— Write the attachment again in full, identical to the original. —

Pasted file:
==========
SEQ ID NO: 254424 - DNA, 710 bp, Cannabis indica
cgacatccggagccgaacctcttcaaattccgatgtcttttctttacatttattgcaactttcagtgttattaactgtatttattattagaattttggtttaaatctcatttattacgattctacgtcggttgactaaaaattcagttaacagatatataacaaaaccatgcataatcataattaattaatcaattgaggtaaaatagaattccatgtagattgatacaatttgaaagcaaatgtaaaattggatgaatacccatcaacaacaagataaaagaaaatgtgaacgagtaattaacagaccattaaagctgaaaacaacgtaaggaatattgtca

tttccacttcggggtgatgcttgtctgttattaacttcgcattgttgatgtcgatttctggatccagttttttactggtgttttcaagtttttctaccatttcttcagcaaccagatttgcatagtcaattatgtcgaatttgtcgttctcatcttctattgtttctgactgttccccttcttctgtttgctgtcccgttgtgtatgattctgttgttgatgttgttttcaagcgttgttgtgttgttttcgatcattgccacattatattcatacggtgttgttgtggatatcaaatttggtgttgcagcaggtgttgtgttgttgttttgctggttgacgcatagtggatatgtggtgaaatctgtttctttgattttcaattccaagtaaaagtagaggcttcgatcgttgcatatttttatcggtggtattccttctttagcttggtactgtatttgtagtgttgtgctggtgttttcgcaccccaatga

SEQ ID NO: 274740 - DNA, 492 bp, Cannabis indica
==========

SEQ ID NO: 254424 - DNA, 710 bp, Cannabis indica
cgacatccggagccgaacctcttcaaattccgatgtcttttctttacatttattgcaactttcagtgttattaactgtatttattattagaattttggtttaaatctcatttattacgattctacgtcggttgactaaaaattcagttaacagatatataacaaaaccatgcataatcataattaattaatcaattgaggtaaaatagaattccatgtagattgatacaatttgaaagcaaatgtaaaattggatgaatacccatcaacaacaagataaaagaaaatgtgaacgagtaattaacagaccattaaagctgaaaacaacgtaaggaatattgtca

tttccacttcggggtgatgcttgtctgttattaacttcgcattgttgatgtcgatttctggatccagttttttactggtgttttcaagtttttctaccatttcttcagcaaccagatttgcatagtcaattatgtcgaatttgtcgttctcatcttctattgtttctgactgttccccttcttctgtttgctgtcccgttgtgtatgattctgttgttgatgttgttttcaagcgttgttgtgttgttttcgatcattgccacattatattcatacggtgttgttgtggatatcaaatttggtgttgcagcaggtgttgtgttgttgttttgctggttgacgcatagtggatatgtggtgaaatctgtttctttgattttcaattccaagtaaaagtagaggcttcgatcgttgcatatttttatcggtggtattccttctttagcttggtactgtatttgtagtgttgtgctggtgttttcgcaccccaatga

SEQ ID NO: 274740 - DNA, 492 bp, Cannabis indica